Material Universal


The Universal material is designed to integrate with PBRA contemporary shading and rendering process that seeks to simplify shading characteristics while providing a more accurate representation of lighting in the real world. (Physically Based Rendering) workflows, such as Substance Designer. Where the DiffuseAmount of diffusion, or the reflection of light photons at different angles from an uneven or granular surface. Used for dull, non-reflecting materials or mesh emitters., SpecularAmount of specular reflection, or the mirror-like reflection of light photons at the same angle. Used for transparent materials such as glass and water., GlossyThe measure of how well light is reflected from a surface in the specular direction, the amount and way in which the light is spread around the specular direction, and the change in specular reflection as the specular angle changes. Used for shiny materials such as plastics or metals., and Metallic materials isolate parameters to design specific material types, the Universal material can design material characteristics associated with any of the other MaterialThe representation of the surface or volume properties of an object. types (Figure 1).


Figure 1: The Universal material parameters


Universal Material Parameters


TransmissionA surface characteristic that determines if light may pass through a surface volume. Pin - Controls how light passes through a transparent surface. It is closely tied with the Dielectric IOR to control the surface's transparency. It accepts a color, texture, or value as an input. However, a color input provides the most control. To create colored glass, change the color input to something other than black and set the Albedo to black. Transmission is not the same as Opacity. Opacity controls the surface visibility, while Transmission controls the transparency. Use Transmission to create a reflective glass surface, and use Opacity to create a hole in the surface.

Transmission Type - Determines how light refracts.

Albedo - The material's base color which controls the overall color of a non-metallic opaque material. It can also color a metallic material which is using the Artistic IOR type.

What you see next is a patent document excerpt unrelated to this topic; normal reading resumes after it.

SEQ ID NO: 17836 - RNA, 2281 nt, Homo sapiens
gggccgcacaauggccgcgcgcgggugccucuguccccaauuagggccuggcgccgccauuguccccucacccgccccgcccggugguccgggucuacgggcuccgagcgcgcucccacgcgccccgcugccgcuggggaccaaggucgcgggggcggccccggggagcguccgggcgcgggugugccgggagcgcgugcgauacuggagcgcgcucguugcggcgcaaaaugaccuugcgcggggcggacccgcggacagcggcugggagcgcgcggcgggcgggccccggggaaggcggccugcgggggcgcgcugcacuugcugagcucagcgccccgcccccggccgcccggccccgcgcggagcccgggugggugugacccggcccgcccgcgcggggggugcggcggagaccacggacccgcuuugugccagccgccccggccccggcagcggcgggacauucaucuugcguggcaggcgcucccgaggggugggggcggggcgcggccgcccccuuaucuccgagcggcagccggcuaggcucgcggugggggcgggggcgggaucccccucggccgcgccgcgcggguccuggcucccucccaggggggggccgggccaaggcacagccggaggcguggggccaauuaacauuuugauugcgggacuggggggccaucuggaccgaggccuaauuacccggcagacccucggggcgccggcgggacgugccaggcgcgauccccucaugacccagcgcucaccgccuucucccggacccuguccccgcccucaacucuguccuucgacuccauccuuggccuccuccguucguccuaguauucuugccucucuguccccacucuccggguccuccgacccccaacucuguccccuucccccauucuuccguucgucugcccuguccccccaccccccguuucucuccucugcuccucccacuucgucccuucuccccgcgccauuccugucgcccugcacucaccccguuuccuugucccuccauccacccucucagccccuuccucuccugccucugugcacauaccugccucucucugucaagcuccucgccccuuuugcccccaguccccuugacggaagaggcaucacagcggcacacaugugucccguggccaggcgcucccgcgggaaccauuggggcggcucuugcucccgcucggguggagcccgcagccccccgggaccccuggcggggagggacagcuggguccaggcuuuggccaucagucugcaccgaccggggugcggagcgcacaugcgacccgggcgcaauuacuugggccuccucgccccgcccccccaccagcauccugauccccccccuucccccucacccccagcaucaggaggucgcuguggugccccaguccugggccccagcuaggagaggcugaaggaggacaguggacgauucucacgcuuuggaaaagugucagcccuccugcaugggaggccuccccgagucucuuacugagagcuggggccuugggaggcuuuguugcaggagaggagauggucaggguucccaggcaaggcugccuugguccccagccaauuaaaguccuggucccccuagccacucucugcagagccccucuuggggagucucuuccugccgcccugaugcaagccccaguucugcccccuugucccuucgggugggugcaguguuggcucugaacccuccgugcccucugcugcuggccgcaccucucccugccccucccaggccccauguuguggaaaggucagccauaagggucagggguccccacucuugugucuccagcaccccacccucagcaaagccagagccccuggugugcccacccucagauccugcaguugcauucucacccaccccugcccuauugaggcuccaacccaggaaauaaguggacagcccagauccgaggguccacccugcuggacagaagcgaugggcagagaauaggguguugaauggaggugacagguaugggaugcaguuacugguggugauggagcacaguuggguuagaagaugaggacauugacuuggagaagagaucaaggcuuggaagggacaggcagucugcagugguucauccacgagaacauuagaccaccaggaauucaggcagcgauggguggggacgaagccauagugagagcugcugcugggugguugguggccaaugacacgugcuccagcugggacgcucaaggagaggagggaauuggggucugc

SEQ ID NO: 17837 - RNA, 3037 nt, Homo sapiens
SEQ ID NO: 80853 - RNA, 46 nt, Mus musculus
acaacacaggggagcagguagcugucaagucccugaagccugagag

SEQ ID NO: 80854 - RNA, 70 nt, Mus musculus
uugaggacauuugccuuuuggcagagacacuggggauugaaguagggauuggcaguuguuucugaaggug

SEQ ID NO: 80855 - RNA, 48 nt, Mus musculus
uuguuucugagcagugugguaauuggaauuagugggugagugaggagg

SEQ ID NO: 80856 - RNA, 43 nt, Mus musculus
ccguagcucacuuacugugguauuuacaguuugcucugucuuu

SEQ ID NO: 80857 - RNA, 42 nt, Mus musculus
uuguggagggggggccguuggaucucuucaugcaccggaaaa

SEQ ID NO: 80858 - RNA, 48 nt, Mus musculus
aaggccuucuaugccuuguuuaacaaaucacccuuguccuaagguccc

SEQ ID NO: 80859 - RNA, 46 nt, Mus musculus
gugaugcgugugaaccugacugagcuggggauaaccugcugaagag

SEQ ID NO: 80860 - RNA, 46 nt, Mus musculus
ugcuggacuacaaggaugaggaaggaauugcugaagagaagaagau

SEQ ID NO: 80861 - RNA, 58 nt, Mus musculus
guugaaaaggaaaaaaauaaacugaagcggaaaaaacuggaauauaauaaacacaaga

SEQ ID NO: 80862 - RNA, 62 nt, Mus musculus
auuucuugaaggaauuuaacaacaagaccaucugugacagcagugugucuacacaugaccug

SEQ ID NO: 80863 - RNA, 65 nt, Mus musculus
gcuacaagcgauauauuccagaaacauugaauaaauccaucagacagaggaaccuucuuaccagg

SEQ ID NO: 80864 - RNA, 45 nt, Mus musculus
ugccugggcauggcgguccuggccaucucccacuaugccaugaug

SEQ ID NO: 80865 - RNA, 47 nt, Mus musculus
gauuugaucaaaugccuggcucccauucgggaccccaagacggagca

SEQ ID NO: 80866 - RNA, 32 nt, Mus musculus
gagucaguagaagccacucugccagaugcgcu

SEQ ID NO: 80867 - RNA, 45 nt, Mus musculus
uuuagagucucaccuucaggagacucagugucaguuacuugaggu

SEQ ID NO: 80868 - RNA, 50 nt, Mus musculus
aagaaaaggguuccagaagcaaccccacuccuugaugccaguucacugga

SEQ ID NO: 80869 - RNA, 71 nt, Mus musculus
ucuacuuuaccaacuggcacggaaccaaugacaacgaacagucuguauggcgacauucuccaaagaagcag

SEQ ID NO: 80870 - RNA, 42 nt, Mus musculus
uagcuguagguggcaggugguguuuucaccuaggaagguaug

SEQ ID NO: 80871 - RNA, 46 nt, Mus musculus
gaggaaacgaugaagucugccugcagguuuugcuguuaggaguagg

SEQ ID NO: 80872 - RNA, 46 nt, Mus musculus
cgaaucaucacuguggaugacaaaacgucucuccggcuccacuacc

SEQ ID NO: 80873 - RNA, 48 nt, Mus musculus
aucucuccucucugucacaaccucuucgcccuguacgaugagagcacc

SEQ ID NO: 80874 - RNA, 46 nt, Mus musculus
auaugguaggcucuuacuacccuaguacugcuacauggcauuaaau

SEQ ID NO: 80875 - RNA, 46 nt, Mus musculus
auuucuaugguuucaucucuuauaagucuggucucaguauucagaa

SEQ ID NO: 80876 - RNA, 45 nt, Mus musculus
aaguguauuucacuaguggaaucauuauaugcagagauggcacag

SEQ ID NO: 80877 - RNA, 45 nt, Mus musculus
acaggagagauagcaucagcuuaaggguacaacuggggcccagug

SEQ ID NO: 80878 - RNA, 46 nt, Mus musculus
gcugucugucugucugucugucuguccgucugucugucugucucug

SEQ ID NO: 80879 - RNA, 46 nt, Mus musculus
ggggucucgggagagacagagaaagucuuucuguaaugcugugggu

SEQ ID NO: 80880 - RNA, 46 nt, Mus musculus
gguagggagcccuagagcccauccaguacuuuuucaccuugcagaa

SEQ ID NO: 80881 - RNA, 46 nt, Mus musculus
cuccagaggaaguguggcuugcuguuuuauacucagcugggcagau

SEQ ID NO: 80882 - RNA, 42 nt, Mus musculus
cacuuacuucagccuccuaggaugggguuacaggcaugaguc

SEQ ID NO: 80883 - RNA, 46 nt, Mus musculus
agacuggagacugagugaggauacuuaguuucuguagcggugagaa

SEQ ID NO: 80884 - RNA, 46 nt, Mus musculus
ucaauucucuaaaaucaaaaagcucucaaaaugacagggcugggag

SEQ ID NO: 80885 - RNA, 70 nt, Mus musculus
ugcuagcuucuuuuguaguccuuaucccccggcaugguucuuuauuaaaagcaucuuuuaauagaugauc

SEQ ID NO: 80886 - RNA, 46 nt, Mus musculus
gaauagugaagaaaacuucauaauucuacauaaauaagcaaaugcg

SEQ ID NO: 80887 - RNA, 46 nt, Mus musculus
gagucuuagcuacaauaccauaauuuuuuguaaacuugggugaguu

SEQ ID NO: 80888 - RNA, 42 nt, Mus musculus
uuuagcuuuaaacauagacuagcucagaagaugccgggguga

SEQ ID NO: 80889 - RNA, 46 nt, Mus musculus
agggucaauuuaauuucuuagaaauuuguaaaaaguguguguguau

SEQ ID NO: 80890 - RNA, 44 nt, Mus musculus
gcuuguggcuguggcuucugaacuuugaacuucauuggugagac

Metallic - Determines how metallic a surface looks. Lower values make the surface look more dielectric, and higher values make the surface look more metallic.

Metallic Edge Tint - The color of the edges of the metal material, only used with Artistic and IOR+Color modes.

Specular - Determines the color of glossy reflections for Dielectric materials (when the Metallic parameter is set to 0). Set the Dielectric IOR parameter higher than 1.0 for the Specular parameter to contribute to the surface characteristics.

BRDF Model- The BRDF (Bidirectional Reflectance Distribution Function) determines the amount of light that a material reflects when light falls on it. For Glossy materials, you can choose from six BRDF models. Specific geometric properties (the micro-facet distribution) of the surface affects each BRDF, which describes the surface's microscopic shape (i.e. micro-facet normals) and scales the brightness of the BRDF's reflections.


Figure 2: Examples of the BRDF types


Roughness - Determines how much the Specular and Transmission characteristics spread across the surface.

Anisotropy - Determines the shape of Specular and Transmission highlights. A value of -1 creates a horizontal shape, and a value of 1 creates a vertical shape.

Rotation - Controls the Anisotropy shape's rotation.

Spread - Controls the spread of the tail of the specular BSDF (STD only).

Dielectric IOR - This IOR controls the specular reflection's or transmission's Fresnel effect. By default, if the Dielectric 1/IOR parameter is empty, then the dielectric specular uses this parameter instead.

Metallic Reflection Mode - This attribute, along with the IOR attributes, provide options for controlling the Index of Refraction across a surface.